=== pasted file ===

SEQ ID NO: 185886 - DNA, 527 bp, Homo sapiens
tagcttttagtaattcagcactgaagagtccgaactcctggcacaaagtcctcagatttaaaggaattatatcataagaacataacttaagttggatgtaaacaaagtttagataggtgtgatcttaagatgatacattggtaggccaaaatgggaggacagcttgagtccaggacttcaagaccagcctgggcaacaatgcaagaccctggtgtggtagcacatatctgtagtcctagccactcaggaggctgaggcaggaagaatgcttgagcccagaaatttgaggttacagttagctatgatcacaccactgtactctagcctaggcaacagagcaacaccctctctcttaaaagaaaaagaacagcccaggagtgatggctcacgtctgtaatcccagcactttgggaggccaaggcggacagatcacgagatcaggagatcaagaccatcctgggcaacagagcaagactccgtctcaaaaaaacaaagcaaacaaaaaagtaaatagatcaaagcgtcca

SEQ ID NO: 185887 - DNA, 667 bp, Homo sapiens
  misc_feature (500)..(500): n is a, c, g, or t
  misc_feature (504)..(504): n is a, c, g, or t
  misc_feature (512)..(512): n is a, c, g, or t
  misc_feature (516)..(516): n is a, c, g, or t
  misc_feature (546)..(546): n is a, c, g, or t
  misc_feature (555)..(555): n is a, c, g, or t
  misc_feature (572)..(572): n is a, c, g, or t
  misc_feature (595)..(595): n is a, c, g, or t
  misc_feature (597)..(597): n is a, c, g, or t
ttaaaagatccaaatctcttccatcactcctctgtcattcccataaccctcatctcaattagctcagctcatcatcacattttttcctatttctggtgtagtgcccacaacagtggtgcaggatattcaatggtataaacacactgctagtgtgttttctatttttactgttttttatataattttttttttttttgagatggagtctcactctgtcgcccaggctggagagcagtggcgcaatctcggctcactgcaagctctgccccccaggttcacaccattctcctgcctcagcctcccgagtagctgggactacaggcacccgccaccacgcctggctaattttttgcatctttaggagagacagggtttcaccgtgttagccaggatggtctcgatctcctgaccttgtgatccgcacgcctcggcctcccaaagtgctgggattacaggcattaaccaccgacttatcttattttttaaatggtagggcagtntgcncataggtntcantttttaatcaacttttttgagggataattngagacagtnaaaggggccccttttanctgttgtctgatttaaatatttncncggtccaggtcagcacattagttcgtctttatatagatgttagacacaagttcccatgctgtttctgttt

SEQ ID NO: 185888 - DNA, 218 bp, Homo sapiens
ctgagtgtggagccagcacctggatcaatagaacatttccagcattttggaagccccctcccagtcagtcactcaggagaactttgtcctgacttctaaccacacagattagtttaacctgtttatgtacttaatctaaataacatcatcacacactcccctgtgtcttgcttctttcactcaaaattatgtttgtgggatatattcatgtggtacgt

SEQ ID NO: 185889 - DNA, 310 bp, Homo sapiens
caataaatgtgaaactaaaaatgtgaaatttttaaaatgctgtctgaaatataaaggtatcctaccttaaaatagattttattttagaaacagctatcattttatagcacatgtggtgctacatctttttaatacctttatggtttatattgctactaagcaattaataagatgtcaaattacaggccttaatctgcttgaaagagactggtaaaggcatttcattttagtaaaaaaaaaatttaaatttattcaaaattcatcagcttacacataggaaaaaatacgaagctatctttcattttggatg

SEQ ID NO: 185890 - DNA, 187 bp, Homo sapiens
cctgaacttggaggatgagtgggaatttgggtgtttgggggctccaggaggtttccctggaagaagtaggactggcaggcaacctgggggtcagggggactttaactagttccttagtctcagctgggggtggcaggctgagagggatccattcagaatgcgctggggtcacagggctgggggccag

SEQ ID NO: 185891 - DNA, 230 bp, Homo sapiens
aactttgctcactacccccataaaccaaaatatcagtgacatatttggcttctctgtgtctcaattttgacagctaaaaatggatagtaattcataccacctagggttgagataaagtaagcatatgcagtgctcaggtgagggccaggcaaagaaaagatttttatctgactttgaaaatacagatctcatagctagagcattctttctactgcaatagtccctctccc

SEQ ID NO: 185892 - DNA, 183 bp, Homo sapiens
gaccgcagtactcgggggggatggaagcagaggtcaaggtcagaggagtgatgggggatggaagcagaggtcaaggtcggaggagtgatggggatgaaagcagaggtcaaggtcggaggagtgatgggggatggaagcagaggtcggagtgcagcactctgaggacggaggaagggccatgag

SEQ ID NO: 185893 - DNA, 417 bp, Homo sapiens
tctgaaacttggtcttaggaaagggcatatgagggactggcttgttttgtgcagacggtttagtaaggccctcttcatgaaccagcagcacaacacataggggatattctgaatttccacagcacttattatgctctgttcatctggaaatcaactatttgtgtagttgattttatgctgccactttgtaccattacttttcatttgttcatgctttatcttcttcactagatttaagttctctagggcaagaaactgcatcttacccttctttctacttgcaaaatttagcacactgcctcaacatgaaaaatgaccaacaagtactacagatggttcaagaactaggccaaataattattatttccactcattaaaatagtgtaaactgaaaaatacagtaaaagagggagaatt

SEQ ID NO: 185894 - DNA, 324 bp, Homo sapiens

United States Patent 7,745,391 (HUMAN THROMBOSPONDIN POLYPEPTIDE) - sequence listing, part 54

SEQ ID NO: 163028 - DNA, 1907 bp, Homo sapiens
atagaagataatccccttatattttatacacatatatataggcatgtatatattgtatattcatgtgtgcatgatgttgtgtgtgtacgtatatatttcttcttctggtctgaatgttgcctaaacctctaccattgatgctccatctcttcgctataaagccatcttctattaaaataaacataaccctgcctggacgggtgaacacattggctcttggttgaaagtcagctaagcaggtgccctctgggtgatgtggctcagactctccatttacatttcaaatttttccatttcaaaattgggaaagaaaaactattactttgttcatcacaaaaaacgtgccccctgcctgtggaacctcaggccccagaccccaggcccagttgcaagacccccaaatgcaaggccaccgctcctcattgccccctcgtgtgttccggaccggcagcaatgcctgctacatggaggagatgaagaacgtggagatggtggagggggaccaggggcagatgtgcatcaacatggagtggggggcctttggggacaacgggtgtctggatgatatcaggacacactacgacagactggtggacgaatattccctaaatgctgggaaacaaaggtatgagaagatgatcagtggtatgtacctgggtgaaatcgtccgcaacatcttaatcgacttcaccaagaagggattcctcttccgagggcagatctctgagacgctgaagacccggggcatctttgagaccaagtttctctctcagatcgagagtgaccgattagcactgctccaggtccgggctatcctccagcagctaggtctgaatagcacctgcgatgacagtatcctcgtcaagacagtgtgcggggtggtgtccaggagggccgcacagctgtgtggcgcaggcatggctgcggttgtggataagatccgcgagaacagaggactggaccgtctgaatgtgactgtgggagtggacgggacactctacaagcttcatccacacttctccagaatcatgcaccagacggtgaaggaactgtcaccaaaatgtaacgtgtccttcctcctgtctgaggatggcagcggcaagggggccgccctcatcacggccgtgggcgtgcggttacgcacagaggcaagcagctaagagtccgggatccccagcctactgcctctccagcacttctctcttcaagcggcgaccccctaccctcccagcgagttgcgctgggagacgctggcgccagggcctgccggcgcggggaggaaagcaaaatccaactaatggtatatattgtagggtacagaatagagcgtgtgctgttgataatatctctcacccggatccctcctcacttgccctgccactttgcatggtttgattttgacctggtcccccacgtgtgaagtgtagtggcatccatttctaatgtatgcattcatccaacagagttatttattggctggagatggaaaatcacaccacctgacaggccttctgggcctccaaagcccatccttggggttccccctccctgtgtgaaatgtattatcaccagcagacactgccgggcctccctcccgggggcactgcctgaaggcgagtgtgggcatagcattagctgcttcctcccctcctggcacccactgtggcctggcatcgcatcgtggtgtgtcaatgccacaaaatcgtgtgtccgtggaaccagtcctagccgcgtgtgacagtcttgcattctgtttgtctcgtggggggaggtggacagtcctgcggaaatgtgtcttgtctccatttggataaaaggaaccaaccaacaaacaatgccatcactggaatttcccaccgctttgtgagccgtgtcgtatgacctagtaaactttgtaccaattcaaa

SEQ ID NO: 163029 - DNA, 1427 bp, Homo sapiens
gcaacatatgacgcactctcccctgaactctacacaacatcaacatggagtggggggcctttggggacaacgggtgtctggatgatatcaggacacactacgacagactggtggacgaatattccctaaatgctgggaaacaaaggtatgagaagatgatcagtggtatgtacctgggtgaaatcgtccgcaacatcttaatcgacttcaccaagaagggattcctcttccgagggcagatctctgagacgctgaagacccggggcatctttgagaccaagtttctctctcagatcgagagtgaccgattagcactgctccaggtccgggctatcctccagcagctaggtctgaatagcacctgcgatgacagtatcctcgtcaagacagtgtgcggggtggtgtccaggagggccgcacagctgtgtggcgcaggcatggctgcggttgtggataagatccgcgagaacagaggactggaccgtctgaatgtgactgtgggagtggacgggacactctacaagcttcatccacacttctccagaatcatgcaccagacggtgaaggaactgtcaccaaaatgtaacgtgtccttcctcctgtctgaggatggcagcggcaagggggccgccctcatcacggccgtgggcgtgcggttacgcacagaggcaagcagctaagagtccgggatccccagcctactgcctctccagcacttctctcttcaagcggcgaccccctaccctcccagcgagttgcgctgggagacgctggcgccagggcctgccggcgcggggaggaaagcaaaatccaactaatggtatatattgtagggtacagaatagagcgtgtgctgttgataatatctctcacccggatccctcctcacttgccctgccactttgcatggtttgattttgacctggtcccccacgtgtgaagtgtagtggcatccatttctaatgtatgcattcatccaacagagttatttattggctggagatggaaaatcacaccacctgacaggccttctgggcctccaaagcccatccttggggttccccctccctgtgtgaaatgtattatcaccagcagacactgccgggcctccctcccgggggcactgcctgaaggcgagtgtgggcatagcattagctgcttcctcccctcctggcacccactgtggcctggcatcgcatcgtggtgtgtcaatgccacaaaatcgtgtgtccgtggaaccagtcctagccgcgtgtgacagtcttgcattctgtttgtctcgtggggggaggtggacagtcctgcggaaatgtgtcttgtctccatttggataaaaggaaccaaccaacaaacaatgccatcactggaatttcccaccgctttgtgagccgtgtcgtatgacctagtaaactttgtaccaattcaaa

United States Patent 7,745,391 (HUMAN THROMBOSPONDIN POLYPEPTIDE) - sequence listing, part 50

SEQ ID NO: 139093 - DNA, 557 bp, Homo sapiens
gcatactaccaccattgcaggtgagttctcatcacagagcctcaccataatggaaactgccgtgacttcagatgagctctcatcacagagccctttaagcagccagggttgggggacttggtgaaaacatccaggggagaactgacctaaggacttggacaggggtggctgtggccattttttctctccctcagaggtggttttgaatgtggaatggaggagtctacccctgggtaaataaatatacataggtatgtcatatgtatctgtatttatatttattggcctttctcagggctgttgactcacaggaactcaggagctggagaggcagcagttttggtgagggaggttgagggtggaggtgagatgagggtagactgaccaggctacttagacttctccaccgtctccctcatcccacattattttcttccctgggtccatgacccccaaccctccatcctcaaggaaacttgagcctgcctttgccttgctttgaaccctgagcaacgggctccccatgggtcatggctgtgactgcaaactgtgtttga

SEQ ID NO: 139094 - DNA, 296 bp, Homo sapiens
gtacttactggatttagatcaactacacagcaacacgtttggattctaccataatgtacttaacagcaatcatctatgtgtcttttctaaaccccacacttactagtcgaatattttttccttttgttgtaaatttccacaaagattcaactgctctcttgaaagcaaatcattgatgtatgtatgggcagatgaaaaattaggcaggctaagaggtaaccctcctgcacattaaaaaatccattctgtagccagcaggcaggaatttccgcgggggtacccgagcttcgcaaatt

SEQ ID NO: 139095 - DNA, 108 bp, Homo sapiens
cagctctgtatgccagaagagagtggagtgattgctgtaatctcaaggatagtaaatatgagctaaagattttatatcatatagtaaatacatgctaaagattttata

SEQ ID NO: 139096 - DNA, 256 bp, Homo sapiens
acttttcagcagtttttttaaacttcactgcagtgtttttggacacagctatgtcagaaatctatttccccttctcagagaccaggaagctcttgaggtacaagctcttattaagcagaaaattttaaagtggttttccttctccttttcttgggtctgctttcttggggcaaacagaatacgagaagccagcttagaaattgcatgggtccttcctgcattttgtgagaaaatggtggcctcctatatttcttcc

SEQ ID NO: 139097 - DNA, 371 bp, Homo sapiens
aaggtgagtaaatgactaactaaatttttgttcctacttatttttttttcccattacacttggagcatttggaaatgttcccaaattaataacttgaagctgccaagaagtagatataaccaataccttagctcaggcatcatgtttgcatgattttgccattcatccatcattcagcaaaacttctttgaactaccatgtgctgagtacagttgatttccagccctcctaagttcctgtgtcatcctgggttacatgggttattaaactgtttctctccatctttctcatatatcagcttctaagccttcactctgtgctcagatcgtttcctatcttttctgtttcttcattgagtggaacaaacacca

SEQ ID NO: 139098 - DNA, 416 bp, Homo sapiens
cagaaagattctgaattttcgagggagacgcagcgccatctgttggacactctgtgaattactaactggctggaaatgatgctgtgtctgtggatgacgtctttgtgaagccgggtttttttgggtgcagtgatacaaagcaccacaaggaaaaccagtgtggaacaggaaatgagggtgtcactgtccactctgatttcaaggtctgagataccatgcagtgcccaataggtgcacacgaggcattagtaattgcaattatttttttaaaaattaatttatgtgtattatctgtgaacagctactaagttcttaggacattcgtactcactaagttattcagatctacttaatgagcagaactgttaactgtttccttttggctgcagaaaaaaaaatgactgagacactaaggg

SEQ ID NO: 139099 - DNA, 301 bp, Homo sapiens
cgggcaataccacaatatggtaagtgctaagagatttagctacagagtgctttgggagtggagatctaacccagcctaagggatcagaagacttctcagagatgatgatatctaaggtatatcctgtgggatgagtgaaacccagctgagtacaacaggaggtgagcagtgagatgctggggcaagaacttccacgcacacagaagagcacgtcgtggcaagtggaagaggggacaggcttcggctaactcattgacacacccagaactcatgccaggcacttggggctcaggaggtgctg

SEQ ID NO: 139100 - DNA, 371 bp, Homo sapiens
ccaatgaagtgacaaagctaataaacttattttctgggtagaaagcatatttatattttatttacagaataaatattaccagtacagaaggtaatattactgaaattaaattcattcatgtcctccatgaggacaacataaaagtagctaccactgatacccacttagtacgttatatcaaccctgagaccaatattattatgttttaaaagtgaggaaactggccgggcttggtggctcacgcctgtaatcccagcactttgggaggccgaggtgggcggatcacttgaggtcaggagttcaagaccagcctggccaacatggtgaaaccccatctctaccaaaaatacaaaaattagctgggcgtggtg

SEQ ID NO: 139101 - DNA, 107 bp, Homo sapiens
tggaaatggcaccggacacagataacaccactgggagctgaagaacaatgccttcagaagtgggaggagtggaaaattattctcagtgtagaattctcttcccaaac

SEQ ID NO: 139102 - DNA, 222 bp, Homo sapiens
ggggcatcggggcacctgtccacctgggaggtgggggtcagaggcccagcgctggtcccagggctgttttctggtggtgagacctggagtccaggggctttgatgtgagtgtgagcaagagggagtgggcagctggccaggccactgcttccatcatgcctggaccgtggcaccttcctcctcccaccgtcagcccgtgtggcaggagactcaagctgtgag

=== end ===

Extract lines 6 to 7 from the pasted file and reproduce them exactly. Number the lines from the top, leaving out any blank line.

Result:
  misc_feature (512)..(512): n is a, c, g, or t
  misc_feature (516)..(516): n is a, c, g, or t